Building community resilience in mine impacted communities : a study on delivery of health services in Papua New Guinea : a thesis presented in fulfilment of the requirements for the degree of Doctor of Philosophy in Development Studies at Massey University, Palmerston North, New Zealand

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The purpose of this study was to explore the building of Community Resilience in mine-impacted communities in Papua New Guinea (PNG). The study aimed to establish the general relationship between community resilience, community capitals and the delivery of health services. It investigated the delivery of health services in three mining communities in PNG to see how these services contribute to or detract from the building of resilience. The study investigated relevant models of community resilience from the literature, and how the way policy functions in PNG can be related to these models. The study also developed a way of quantifying the impact of mining on health service delivery (through the use of community capitals) and the building of resilience in these communities. Furthermore, the thesis develops an indigenous, Melanesian-centric ‘Bilum Framework’ approach to resilience to create greater understanding of how resilience in the mining communities can be strengthened through improved access to health services. Three mining communities were selected as case studies, each representing a different stage of mining: (i) the beginning; (ii) the operational; and, (iii) post-mine closure. A mixed method approach comprising both quantitative and qualitative methods was used to collect data for this study. A survey questionnaire was designed to collect views of community members who accessed health services in their respective communities. Results from the survey questionnaire were converted to proxy indicators and led to the development of a Community Resilience Index (CRI) to provide a measure of resilience in each community. The qualitative research methods included document analysis, semi-structured interviews, and purposive observations. Document analysis was important in reviewing relevant policy documents and other literature to link theories to the experiences of the people while the latter methods contributed to describing people’s encounters in accessing health services. Analysis showed inconsistencies in the levels of resilience in these communities that varied with the stages of mining: both the beginning and post- mine closure stages demonstrated significantly lower levels of community resilience than the operational phase. Findings from the research indicated a lack of access to health services – a key influence in building resilience – is the result a range of factors including insufficient finances, weak sector governance, and the need for infrastructure and transport. The Bilum Framework is proposed as an approach that allows decision-makers to target assistance to strengthen and support specific community capitals and hence more effectively build community resilience in the mining communities in PNG.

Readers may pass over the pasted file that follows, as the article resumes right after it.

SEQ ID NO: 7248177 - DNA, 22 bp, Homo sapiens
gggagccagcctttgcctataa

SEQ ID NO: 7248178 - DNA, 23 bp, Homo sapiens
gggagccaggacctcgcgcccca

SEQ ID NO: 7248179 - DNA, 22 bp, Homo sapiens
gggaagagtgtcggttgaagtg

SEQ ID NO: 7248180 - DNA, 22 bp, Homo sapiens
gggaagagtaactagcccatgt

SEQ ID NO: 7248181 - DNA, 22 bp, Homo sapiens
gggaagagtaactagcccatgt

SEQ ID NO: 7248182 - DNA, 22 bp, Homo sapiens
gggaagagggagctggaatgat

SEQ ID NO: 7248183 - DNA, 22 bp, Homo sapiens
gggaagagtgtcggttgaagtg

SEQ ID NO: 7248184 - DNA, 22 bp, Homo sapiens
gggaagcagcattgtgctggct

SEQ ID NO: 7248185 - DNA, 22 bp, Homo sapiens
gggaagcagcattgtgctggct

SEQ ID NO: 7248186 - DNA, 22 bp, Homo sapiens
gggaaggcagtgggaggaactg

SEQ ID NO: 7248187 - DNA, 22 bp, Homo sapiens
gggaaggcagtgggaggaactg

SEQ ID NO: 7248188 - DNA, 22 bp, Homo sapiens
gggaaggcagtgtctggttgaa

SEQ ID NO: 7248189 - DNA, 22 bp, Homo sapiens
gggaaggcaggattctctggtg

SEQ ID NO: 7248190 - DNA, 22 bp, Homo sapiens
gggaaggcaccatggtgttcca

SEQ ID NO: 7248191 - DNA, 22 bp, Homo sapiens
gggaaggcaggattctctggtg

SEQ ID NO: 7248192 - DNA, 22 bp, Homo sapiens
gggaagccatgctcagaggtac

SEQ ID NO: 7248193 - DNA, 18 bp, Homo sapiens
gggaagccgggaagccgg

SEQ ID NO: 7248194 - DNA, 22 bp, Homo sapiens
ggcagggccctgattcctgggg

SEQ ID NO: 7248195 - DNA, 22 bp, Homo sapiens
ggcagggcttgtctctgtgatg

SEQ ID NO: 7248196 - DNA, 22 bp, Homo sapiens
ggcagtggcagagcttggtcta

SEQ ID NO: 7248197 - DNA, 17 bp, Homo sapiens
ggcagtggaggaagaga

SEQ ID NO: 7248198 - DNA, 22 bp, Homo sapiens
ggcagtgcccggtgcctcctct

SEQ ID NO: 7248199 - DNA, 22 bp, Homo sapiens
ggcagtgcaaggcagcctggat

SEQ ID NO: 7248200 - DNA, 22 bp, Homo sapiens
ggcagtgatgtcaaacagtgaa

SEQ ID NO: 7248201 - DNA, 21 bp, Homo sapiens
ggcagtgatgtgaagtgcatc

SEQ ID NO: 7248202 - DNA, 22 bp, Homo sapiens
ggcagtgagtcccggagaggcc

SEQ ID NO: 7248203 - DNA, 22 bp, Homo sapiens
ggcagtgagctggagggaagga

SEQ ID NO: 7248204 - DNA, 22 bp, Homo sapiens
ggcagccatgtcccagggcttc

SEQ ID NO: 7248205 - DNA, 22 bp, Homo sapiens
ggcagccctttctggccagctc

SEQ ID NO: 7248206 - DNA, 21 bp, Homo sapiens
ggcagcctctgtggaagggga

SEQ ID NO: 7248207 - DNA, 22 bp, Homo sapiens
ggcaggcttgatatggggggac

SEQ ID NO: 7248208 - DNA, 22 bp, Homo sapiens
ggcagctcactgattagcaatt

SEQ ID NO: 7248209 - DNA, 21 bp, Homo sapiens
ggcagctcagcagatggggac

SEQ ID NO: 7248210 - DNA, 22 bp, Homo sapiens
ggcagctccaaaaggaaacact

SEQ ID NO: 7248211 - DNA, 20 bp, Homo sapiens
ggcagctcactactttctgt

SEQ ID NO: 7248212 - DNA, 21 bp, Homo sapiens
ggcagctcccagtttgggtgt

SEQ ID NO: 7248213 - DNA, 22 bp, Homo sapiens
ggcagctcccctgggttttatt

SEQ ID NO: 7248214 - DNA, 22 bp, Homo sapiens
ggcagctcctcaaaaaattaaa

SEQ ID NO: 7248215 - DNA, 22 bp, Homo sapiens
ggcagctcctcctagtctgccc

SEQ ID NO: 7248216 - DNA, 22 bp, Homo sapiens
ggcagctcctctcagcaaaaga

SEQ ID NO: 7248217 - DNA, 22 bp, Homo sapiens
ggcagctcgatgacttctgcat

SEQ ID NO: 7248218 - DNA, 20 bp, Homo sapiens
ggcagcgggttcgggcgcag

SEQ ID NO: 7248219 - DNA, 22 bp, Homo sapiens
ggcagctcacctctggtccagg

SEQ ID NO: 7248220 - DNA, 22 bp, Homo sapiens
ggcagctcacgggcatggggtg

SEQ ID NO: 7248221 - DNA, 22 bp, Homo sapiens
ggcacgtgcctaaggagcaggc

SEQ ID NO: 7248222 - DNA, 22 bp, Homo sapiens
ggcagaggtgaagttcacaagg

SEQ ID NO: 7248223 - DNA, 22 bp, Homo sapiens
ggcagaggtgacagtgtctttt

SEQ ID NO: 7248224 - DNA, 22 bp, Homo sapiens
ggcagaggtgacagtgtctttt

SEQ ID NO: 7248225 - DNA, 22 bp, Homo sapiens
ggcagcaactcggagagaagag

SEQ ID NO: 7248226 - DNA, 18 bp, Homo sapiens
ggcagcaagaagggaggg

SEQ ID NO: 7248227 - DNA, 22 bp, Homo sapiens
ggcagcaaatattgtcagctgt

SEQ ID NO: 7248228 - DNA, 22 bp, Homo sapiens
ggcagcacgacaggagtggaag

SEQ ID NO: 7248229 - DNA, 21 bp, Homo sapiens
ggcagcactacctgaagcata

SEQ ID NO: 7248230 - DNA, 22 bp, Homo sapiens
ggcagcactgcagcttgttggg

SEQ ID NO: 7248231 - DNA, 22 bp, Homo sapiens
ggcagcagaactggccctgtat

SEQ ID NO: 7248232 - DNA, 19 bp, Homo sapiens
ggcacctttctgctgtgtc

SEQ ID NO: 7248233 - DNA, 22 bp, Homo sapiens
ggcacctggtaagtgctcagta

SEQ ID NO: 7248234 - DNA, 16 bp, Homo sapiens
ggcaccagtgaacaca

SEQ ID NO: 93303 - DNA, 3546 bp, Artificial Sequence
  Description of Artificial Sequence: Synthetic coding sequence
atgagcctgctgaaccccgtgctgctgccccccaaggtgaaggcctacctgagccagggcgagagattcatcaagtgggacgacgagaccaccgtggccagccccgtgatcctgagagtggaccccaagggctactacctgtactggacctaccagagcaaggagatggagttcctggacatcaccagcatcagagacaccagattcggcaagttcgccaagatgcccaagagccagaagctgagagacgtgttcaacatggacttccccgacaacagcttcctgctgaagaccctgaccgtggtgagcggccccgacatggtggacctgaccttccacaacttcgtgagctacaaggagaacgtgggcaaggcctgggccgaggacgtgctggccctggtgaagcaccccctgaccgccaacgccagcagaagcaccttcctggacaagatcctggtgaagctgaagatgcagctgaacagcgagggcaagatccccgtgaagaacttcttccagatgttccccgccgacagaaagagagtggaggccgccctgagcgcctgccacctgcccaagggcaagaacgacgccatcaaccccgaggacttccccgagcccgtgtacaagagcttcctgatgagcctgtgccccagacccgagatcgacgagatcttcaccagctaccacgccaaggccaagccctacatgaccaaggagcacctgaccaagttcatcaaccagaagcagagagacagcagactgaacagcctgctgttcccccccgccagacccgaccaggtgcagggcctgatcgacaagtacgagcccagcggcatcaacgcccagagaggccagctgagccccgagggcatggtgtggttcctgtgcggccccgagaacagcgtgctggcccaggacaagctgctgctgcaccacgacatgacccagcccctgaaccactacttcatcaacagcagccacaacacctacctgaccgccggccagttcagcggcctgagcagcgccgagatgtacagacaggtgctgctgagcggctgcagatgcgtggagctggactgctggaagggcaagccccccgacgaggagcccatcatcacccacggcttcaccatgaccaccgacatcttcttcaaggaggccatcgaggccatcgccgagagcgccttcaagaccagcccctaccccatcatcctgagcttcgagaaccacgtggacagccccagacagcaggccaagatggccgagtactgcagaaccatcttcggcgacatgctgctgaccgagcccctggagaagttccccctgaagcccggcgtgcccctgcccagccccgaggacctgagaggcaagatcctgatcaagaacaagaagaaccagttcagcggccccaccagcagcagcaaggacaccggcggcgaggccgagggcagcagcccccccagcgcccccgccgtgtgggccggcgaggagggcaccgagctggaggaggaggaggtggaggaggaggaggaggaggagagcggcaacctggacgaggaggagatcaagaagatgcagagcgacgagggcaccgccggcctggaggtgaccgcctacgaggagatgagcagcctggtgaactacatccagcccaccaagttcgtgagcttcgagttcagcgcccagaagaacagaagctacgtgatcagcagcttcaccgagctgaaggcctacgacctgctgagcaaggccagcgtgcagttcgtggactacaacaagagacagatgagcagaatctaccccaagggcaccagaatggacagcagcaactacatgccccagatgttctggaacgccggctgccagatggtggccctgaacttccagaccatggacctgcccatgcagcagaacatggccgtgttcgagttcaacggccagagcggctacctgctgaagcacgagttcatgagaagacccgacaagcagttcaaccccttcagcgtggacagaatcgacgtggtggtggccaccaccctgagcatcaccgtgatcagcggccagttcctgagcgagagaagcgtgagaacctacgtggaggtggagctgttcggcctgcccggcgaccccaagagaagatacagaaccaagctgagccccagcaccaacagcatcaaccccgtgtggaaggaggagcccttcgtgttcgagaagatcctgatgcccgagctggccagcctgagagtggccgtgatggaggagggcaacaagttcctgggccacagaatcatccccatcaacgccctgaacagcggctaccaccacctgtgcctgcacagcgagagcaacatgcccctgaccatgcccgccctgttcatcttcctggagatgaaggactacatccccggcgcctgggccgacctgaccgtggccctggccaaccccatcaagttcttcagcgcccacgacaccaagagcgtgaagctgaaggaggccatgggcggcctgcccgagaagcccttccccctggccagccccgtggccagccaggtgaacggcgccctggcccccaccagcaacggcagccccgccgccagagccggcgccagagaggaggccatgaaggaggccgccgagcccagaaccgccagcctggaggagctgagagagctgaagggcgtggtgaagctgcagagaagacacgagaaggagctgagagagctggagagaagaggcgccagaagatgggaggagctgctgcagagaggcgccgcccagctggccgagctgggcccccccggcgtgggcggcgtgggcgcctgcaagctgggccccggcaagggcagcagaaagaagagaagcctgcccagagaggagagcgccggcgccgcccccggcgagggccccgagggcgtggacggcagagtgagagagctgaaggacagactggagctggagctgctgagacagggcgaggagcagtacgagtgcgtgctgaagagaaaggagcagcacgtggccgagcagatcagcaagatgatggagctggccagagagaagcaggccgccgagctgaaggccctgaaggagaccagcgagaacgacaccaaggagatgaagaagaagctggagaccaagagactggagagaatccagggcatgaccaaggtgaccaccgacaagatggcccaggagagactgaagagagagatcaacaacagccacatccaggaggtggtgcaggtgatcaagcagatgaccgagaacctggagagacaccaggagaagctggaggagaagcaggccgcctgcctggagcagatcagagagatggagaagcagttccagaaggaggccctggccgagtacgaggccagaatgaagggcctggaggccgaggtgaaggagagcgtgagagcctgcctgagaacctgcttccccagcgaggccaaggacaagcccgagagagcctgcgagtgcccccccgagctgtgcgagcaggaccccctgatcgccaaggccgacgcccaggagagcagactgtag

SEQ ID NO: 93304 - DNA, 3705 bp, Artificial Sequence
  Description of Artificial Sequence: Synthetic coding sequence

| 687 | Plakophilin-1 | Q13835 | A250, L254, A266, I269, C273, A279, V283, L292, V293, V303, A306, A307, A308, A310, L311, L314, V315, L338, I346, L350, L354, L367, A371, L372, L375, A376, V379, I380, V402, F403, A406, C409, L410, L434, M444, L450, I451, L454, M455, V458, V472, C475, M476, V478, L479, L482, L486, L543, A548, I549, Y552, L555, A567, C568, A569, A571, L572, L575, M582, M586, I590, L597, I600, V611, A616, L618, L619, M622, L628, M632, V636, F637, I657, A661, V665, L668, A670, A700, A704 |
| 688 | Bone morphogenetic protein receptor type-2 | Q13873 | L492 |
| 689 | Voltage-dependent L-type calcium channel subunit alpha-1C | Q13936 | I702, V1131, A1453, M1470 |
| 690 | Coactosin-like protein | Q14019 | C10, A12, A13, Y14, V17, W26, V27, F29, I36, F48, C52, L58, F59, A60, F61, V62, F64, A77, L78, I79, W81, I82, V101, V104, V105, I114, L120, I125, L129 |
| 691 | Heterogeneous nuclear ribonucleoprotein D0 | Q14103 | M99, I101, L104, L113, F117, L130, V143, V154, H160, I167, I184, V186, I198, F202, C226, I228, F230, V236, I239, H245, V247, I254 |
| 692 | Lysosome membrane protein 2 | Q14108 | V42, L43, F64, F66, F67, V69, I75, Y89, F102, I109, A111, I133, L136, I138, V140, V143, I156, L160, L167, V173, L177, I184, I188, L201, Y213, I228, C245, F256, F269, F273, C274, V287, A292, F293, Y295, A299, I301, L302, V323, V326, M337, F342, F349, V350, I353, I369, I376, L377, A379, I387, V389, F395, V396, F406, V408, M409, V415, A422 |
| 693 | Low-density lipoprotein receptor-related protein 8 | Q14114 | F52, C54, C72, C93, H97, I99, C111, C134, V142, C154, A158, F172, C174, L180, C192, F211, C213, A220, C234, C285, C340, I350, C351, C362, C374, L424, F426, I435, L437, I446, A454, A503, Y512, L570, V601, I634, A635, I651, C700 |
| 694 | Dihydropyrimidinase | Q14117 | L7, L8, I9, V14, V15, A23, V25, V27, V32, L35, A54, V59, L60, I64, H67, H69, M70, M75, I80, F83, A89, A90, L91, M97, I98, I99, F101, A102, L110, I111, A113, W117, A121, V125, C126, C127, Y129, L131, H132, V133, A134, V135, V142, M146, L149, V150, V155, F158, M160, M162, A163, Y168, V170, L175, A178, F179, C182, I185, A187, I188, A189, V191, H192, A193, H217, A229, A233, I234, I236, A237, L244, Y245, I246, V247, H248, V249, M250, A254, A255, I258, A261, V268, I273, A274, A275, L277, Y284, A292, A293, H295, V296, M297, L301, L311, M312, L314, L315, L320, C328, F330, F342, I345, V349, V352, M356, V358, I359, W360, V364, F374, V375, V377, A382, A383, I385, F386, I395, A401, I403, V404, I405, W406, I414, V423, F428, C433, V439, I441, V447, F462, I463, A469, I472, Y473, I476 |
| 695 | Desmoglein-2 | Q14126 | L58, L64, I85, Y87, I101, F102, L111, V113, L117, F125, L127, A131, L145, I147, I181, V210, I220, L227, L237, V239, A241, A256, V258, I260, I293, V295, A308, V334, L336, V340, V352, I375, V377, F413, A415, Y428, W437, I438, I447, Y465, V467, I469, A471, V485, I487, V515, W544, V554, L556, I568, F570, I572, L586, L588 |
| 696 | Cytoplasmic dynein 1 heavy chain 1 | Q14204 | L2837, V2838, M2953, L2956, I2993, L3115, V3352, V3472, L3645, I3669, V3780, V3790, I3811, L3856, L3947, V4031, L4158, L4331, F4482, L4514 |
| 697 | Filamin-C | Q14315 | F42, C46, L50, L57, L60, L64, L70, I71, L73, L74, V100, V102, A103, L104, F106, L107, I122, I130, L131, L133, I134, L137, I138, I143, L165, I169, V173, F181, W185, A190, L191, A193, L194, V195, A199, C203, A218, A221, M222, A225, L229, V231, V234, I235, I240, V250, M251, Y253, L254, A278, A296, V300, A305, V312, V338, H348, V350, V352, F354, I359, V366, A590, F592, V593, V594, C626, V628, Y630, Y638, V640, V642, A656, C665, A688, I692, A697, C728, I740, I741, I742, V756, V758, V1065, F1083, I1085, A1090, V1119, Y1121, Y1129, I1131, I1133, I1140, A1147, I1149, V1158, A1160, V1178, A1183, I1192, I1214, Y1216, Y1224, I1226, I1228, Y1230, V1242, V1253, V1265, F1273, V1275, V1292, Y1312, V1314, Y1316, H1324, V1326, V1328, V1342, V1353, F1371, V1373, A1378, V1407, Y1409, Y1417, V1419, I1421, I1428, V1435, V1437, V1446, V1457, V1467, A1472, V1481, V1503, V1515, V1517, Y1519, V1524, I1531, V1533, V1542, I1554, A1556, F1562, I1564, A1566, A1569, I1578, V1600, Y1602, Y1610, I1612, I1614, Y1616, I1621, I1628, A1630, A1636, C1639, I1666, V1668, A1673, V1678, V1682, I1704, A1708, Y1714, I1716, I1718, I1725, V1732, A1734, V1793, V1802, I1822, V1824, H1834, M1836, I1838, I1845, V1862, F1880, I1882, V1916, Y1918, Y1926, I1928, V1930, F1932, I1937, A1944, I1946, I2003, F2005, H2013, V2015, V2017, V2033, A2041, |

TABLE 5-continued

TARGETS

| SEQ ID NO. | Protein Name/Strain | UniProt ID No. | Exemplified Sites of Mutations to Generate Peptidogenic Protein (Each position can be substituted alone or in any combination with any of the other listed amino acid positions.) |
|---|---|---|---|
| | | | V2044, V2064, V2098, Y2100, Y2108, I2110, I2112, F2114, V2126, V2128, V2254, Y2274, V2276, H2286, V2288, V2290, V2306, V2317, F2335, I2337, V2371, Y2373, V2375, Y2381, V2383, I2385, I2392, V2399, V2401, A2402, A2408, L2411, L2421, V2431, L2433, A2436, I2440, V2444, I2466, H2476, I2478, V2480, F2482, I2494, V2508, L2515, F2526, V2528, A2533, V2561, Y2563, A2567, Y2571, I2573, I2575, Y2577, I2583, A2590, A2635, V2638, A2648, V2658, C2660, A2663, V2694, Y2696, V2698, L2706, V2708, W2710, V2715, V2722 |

Research Subject Categories::INTERDISCIPLINARY RESEARCH AREAS::Health and medical services in society, Health services accessibility, Mining districts, Resilience, Papua New Guinea